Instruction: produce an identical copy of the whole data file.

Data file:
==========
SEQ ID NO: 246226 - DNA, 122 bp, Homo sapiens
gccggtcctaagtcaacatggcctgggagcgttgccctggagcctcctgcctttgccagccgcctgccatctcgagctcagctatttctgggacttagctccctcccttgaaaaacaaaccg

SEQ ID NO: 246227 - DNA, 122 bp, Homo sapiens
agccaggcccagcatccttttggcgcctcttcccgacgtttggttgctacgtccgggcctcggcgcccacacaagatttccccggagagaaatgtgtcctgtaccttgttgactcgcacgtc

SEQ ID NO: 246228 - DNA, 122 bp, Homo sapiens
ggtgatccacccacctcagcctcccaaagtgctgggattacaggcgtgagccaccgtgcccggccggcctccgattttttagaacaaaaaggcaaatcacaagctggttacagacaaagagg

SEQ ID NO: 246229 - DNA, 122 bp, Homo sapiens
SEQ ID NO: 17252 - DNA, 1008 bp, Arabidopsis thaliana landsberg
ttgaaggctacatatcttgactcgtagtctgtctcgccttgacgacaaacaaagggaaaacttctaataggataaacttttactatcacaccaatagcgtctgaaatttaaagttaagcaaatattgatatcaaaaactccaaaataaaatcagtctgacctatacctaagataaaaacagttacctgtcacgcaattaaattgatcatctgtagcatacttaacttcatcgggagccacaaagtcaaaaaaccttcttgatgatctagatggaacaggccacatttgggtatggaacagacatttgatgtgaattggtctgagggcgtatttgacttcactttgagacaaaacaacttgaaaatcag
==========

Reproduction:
SEQ ID NO: 246226 - DNA, 122 bp, Homo sapiens
gccggtcctaagtcaacatggcctgggagcgttgccctggagcctcctgcctttgccagccgcctgccatctcgagctcagctatttctgggacttagctccctcccttgaaaaacaaaccg

SEQ ID NO: 246227 - DNA, 122 bp, Homo sapiens
agccaggcccagcatccttttggcgcctcttcccgacgtttggttgctacgtccgggcctcggcgcccacacaagatttccccggagagaaatgtgtcctgtaccttgttgactcgcacgtc

SEQ ID NO: 246228 - DNA, 122 bp, Homo sapiens
ggtgatccacccacctcagcctcccaaagtgctgggattacaggcgtgagccaccgtgcccggccggcctccgattttttagaacaaaaaggcaaatcacaagctggttacagacaaagagg

SEQ ID NO: 246229 - DNA, 122 bp, Homo sapiens
SEQ ID NO: 17252 - DNA, 1008 bp, Arabidopsis thaliana landsberg
ttgaaggctacatatcttgactcgtagtctgtctcgccttgacgacaaacaaagggaaaacttctaataggataaacttttactatcacaccaatagcgtctgaaatttaaagttaagcaaatattgatatcaaaaactccaaaataaaatcagtctgacctatacctaagataaaaacagttacctgtcacgcaattaaattgatcatctgtagcatacttaacttcatcgggagccacaaagtcaaaaaaccttcttgatgatctagatggaacaggccacatttgggtatggaacagacatttgatgtgaattggtctgagggcgtatttgacttcactttgagacaaaacaacttgaaaatcag